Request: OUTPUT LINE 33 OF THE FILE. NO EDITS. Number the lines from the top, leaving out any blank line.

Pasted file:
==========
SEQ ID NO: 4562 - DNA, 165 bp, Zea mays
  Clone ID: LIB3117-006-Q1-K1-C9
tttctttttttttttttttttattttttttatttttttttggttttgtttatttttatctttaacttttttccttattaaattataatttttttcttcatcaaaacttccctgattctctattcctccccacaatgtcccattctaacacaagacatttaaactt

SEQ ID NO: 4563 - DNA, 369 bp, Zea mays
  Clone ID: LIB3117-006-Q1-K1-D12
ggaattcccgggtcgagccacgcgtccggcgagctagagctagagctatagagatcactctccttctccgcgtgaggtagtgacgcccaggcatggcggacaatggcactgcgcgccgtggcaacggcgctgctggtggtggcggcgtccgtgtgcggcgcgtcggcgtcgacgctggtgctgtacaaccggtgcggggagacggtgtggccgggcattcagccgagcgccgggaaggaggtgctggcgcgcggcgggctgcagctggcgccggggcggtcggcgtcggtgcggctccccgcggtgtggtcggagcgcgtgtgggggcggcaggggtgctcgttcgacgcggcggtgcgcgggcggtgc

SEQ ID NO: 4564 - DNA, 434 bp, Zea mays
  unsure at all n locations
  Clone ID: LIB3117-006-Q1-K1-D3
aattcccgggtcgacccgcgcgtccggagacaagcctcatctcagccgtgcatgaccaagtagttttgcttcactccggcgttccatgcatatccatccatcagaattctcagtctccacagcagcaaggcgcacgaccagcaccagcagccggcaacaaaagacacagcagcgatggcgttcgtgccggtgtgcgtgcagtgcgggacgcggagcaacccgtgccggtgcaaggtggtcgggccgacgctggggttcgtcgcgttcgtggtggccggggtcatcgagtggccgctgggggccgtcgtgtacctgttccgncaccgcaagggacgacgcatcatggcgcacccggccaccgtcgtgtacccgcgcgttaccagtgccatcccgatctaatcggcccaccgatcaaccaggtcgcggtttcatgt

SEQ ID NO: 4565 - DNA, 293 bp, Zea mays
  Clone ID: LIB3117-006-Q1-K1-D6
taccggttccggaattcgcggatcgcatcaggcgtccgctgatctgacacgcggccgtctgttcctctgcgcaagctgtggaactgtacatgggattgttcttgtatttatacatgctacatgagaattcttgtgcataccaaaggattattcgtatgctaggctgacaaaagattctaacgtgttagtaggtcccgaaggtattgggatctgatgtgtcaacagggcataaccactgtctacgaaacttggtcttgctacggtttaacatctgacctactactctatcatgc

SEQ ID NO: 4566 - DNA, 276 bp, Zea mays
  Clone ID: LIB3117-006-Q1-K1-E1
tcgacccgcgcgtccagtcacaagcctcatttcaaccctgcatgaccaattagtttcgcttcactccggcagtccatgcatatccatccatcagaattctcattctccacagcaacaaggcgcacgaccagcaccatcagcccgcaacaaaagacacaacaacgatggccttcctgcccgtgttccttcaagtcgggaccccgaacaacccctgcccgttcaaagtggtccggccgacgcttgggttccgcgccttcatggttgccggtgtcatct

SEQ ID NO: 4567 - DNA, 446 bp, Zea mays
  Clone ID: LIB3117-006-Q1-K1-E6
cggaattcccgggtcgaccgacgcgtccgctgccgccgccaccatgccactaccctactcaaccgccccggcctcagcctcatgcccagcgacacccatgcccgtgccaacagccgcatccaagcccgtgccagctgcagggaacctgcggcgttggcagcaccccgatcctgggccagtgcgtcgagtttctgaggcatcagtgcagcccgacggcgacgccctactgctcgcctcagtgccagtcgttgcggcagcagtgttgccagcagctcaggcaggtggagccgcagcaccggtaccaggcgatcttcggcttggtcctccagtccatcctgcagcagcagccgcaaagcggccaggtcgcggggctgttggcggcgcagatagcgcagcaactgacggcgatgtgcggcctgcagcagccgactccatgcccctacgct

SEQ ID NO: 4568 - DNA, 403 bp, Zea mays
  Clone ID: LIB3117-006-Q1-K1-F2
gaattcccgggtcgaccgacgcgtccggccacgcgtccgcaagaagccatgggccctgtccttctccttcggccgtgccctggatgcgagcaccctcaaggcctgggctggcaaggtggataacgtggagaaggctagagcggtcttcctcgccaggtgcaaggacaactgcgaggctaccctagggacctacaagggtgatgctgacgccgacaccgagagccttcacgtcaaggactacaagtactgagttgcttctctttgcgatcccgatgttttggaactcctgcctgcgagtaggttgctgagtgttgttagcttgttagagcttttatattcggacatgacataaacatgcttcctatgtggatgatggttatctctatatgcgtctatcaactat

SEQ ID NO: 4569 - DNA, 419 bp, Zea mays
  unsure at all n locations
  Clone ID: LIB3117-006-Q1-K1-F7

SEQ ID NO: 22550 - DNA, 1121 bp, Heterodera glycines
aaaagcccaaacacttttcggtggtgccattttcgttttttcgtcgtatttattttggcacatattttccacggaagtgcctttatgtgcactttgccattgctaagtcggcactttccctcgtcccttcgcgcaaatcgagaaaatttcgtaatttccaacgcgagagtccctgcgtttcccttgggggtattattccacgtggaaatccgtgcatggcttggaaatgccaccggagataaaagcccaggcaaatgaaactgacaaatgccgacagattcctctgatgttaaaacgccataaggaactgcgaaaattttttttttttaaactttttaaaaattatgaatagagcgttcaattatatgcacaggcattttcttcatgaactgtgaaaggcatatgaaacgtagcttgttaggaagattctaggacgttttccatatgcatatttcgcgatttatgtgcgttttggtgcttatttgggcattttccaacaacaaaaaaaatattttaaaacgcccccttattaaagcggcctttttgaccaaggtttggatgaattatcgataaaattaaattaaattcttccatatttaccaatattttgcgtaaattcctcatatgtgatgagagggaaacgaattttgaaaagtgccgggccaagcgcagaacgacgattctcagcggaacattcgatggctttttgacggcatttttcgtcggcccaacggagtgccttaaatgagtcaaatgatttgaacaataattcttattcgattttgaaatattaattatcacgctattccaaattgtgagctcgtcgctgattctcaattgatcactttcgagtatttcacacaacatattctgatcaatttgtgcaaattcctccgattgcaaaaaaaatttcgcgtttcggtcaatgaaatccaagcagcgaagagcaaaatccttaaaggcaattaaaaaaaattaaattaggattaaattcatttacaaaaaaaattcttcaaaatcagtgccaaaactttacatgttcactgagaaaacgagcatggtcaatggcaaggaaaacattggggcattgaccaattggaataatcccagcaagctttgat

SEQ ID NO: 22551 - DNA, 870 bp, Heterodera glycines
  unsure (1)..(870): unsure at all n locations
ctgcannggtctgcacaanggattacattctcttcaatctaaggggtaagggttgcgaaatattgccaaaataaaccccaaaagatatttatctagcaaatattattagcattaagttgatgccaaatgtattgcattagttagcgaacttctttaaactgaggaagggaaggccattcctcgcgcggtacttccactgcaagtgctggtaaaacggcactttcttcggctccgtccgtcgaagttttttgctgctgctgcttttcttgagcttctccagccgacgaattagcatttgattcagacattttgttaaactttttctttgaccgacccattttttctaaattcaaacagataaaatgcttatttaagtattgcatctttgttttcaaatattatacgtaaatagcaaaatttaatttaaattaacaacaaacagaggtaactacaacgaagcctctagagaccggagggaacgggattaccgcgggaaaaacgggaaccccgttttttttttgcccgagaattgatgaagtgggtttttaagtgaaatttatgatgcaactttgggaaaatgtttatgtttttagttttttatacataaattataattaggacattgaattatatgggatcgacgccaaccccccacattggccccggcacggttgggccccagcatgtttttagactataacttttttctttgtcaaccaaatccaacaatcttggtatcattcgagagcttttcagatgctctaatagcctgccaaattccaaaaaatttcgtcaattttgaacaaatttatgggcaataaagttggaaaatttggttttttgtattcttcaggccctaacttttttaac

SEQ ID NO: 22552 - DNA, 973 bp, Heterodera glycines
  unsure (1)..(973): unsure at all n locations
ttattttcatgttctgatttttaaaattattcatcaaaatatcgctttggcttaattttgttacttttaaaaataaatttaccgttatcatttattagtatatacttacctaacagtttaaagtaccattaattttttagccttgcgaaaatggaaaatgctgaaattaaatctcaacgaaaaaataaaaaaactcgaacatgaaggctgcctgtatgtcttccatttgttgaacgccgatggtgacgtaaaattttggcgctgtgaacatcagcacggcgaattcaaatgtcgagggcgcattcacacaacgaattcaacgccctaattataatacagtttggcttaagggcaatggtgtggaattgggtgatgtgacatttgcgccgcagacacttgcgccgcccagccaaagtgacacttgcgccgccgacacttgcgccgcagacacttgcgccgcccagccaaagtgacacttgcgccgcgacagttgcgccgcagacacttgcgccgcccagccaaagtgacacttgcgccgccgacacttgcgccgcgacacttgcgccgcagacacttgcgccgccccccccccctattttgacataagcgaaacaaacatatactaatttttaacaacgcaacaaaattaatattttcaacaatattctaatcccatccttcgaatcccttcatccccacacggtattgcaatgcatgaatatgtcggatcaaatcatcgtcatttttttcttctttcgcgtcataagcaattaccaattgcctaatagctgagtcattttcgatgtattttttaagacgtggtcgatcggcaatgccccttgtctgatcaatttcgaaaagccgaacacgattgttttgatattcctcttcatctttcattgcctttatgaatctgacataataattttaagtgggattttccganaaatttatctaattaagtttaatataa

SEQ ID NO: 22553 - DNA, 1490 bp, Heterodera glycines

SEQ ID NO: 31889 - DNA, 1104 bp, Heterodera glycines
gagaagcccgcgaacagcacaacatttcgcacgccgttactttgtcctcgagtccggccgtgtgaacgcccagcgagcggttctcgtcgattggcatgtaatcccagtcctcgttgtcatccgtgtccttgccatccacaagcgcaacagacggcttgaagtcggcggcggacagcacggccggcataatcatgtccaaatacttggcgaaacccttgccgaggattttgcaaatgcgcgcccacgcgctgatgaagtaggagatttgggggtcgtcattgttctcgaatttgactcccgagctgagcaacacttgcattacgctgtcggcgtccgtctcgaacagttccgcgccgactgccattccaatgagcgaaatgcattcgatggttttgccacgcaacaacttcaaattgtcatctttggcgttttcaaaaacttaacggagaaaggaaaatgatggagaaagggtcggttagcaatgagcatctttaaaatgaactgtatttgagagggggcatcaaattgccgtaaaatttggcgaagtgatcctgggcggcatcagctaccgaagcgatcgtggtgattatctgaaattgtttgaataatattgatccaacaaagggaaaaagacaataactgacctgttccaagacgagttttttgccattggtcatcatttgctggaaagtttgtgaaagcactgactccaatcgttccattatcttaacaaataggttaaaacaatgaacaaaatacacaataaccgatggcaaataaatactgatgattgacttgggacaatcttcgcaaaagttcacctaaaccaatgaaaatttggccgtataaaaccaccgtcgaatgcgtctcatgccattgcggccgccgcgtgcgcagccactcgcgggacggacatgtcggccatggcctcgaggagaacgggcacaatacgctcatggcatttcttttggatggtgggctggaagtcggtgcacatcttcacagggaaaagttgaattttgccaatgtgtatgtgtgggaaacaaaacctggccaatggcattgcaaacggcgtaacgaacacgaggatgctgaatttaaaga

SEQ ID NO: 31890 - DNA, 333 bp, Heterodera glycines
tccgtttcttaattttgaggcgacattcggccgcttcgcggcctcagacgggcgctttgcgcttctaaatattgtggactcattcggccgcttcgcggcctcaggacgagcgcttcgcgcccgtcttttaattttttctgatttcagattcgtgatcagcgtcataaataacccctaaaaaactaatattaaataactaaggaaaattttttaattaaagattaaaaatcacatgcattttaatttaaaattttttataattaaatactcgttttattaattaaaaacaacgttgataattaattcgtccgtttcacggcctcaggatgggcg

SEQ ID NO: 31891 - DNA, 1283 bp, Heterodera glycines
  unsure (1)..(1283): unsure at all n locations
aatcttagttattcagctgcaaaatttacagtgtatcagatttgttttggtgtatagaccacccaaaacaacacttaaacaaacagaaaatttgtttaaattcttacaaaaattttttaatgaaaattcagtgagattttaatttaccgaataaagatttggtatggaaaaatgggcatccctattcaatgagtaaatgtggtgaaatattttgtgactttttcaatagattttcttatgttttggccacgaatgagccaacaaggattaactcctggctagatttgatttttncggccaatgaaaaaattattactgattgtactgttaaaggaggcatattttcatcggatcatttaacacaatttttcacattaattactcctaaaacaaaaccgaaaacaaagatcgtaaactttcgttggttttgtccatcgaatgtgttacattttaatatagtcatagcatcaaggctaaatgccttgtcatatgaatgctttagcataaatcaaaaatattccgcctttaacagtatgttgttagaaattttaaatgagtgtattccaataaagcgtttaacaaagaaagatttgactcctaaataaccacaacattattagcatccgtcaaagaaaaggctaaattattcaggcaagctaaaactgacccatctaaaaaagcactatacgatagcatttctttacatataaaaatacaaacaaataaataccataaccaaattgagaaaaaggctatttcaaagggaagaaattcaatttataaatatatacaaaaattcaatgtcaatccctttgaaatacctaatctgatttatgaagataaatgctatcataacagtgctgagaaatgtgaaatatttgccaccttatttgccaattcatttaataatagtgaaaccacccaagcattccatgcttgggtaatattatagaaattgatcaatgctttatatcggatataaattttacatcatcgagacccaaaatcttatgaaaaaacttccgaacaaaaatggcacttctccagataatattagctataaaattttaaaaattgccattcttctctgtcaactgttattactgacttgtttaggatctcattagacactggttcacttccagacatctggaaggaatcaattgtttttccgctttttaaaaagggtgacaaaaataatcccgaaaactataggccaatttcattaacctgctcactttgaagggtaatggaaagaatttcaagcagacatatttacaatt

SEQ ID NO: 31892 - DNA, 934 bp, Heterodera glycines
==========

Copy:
ttattttcatgttctgatttttaaaattattcatcaaaatatcgctttggcttaattttgttacttttaaaaataaatttaccgttatcatttattagtatatacttacctaacagtttaaagtaccattaattttttagccttgcgaaaatggaaaatgctgaaattaaatctcaacgaaaaaataaaaaaactcgaacatgaaggctgcctgtatgtcttccatttgttgaacgccgatggtgacgtaaaattttggcgctgtgaacatcagcacggcgaattcaaatgtcgagggcgcattcacacaacgaattcaacgccctaattataatacagtttggcttaagggcaatggtgtggaattgggtgatgtgacatttgcgccgcagacacttgcgccgcccagccaaagtgacacttgcgccgccgacacttgcgccgcagacacttgcgccgcccagccaaagtgacacttgcgccgcgacagttgcgccgcagacacttgcgccgcccagccaaagtgacacttgcgccgccgacacttgcgccgcgacacttgcgccgcagacacttgcgccgccccccccccctattttgacataagcgaaacaaacatatactaatttttaacaacgcaacaaaattaatattttcaacaatattctaatcccatccttcgaatcccttcatccccacacggtattgcaatgcatgaatatgtcggatcaaatcatcgtcatttttttcttctttcgcgtcataagcaattaccaattgcctaatagctgagtcattttcgatgtattttttaagacgtggtcgatcggcaatgccccttgtctgatcaatttcgaaaagccgaacacgattgttttgatattcctcttcatctttcattgcctttatgaatctgacataataattttaagtgggattttccganaaatttatctaattaagtttaatataa